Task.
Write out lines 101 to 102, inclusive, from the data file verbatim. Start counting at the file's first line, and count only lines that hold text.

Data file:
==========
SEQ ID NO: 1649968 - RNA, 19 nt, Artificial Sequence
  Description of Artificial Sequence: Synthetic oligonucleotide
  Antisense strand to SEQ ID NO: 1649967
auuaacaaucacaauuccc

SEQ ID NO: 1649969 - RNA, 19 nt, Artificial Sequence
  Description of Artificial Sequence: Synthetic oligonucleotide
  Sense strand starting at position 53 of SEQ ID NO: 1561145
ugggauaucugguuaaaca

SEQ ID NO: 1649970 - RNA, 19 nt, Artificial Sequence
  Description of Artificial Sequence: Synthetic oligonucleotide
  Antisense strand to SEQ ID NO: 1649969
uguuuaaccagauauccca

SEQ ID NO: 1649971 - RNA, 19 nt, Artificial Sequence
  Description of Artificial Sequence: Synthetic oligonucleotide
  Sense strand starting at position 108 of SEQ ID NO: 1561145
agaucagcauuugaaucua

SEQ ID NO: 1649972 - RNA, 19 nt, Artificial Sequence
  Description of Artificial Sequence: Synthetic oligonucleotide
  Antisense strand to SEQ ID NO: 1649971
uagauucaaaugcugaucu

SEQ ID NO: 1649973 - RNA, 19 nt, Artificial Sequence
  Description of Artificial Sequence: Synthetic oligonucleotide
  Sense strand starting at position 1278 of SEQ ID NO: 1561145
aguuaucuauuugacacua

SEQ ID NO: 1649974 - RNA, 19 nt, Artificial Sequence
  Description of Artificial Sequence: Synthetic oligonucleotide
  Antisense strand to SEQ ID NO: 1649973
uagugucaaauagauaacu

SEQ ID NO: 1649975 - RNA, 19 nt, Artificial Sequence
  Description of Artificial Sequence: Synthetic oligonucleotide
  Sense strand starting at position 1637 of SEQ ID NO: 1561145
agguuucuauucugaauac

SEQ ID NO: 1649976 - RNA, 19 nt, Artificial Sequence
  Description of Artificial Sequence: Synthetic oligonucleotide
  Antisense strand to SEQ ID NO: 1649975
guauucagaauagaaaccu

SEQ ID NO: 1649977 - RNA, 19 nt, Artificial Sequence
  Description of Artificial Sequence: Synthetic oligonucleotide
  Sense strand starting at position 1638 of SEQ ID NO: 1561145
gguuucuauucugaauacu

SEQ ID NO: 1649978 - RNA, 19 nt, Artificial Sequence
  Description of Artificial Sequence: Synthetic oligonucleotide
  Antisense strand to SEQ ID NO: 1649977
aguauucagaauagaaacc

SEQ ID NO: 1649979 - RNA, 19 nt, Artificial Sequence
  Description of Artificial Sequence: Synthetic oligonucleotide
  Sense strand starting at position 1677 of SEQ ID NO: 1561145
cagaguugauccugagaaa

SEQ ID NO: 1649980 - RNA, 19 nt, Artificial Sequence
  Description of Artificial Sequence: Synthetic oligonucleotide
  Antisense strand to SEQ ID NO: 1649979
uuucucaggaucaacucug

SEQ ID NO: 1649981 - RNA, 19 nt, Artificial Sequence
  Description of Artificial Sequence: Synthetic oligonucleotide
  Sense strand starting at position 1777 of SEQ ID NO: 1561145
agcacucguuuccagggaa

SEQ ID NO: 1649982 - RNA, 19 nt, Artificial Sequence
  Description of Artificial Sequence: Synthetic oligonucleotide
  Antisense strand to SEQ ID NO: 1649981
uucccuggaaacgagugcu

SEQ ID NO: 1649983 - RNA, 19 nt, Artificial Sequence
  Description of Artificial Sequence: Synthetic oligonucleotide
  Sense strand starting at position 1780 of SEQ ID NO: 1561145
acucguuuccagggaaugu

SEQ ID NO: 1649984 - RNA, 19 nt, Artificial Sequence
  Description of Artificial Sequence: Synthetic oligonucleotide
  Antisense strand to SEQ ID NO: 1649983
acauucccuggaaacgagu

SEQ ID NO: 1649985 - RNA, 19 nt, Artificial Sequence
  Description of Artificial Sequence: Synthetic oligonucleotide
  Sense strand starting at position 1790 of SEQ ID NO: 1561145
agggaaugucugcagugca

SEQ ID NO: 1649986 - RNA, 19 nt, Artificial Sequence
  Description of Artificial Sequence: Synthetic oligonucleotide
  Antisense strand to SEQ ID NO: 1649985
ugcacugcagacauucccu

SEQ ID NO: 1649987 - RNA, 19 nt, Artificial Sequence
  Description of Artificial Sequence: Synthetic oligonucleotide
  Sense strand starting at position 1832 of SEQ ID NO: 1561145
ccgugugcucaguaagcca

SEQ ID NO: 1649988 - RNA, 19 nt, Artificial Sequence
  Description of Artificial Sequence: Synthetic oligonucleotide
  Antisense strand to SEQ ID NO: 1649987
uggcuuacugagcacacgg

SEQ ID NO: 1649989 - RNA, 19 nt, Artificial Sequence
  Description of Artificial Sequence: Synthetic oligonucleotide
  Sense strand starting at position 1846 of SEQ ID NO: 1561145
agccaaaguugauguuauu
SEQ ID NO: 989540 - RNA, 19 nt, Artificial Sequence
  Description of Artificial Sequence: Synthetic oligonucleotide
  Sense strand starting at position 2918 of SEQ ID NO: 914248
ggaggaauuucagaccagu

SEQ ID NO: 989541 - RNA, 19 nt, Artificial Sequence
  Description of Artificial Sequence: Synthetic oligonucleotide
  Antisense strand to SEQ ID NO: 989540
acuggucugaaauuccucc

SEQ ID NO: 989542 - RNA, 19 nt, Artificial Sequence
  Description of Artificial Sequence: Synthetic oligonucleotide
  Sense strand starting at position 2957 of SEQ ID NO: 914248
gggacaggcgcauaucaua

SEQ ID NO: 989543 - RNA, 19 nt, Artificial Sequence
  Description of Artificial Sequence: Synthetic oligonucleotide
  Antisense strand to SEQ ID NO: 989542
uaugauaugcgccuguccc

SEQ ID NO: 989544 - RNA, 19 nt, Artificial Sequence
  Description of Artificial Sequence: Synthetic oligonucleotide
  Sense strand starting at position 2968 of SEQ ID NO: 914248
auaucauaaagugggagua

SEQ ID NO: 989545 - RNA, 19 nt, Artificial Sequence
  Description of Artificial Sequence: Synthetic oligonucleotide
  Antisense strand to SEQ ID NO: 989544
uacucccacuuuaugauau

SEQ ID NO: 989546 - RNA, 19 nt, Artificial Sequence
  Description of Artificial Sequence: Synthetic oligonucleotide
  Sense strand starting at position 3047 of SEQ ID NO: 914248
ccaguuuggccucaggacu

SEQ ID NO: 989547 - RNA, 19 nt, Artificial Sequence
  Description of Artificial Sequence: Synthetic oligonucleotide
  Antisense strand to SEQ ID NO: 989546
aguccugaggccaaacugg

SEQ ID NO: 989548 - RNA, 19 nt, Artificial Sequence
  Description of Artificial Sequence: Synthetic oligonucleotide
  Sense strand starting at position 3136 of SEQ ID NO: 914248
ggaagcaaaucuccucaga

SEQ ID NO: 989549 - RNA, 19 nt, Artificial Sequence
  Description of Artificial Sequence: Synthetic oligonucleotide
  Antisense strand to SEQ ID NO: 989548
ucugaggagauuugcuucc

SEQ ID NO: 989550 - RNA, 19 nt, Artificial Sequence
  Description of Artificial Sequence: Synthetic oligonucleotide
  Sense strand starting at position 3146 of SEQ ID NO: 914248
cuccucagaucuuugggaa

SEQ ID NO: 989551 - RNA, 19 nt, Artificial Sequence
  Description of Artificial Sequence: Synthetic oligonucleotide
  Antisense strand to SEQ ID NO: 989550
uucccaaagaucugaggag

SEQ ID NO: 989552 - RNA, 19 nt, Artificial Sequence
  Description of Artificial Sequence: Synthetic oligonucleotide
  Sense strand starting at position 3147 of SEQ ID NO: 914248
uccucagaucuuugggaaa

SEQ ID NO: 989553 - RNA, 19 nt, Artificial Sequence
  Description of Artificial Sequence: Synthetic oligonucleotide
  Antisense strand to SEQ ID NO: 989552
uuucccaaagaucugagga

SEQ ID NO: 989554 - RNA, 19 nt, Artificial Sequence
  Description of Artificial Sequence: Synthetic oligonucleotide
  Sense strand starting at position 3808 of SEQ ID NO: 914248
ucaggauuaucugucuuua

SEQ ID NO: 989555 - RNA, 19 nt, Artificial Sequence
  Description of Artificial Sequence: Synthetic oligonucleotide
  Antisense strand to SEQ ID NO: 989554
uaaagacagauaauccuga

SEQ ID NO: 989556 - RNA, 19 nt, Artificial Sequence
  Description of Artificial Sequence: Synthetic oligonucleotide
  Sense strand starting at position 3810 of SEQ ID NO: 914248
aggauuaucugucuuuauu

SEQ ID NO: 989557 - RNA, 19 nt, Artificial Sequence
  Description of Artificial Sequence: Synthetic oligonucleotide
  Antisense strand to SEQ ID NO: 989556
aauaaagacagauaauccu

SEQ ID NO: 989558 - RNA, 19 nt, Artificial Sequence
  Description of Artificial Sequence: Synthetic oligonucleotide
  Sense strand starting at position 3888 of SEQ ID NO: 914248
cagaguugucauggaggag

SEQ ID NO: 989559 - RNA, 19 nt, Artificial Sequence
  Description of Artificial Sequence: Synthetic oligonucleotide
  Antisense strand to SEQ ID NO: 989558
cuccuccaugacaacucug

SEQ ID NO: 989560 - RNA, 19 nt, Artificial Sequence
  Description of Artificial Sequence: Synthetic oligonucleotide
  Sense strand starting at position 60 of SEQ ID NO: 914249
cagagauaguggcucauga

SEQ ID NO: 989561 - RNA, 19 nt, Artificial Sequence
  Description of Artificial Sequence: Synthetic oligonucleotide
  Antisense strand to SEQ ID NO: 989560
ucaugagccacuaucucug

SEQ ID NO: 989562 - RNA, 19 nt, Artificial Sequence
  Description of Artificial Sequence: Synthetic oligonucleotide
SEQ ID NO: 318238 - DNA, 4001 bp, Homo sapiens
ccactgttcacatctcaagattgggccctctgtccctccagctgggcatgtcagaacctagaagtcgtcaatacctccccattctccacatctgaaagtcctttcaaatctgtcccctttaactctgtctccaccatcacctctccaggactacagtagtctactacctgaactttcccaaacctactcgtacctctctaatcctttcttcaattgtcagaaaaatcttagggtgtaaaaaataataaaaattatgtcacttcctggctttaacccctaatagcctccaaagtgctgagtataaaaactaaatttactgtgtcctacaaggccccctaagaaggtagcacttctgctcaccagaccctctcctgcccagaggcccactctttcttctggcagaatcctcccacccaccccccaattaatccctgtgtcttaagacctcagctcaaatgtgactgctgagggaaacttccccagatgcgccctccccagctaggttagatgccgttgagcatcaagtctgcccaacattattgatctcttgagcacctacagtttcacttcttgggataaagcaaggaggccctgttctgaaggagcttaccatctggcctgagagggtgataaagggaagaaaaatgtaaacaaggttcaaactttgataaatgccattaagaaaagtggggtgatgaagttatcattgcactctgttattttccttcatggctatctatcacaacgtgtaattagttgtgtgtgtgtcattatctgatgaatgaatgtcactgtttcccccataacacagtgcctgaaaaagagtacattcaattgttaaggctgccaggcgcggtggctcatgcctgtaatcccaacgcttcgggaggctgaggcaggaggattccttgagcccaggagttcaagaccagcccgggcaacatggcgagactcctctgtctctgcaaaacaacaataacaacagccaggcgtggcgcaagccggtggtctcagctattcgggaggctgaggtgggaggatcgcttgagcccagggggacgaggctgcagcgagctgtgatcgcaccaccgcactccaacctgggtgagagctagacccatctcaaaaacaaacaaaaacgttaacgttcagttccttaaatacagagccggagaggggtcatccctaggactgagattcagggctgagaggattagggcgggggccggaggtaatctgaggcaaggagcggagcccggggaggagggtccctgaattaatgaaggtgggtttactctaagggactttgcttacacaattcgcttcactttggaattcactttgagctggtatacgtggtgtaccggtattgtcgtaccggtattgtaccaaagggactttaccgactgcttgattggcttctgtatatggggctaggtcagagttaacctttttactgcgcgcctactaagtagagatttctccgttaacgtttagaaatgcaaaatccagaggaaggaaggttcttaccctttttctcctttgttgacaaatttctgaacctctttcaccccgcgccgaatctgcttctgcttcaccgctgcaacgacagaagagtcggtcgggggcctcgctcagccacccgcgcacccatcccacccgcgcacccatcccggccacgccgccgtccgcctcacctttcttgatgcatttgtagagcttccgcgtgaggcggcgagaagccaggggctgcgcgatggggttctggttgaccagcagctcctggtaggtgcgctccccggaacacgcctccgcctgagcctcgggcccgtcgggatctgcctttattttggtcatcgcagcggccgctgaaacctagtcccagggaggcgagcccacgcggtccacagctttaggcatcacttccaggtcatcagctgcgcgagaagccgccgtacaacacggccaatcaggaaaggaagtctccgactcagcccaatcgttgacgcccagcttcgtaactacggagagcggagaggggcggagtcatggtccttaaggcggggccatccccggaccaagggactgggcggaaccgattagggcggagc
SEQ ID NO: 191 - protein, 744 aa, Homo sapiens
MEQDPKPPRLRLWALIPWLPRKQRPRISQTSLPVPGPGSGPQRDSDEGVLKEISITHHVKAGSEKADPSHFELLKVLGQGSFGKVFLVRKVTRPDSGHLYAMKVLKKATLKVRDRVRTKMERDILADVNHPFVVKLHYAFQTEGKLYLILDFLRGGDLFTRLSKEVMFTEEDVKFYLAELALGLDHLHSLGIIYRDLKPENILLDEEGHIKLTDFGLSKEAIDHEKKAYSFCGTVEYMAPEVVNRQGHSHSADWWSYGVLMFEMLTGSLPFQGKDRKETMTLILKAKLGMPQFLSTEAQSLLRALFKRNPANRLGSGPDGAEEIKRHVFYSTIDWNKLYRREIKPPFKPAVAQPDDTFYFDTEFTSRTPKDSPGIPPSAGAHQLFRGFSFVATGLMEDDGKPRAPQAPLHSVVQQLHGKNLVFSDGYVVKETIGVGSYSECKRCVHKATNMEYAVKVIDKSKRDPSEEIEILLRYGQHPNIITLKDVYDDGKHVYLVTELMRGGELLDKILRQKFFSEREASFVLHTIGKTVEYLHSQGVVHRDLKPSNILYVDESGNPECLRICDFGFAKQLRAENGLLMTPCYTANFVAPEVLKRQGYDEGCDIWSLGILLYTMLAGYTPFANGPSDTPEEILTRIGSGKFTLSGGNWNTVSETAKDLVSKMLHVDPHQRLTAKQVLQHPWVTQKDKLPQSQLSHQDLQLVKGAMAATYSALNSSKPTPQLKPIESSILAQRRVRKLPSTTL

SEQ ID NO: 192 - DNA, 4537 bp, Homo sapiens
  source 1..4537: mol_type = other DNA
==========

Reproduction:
SEQ ID NO: 989543 - RNA, 19 nt, Artificial Sequence
  Description of Artificial Sequence: Synthetic oligonucleotide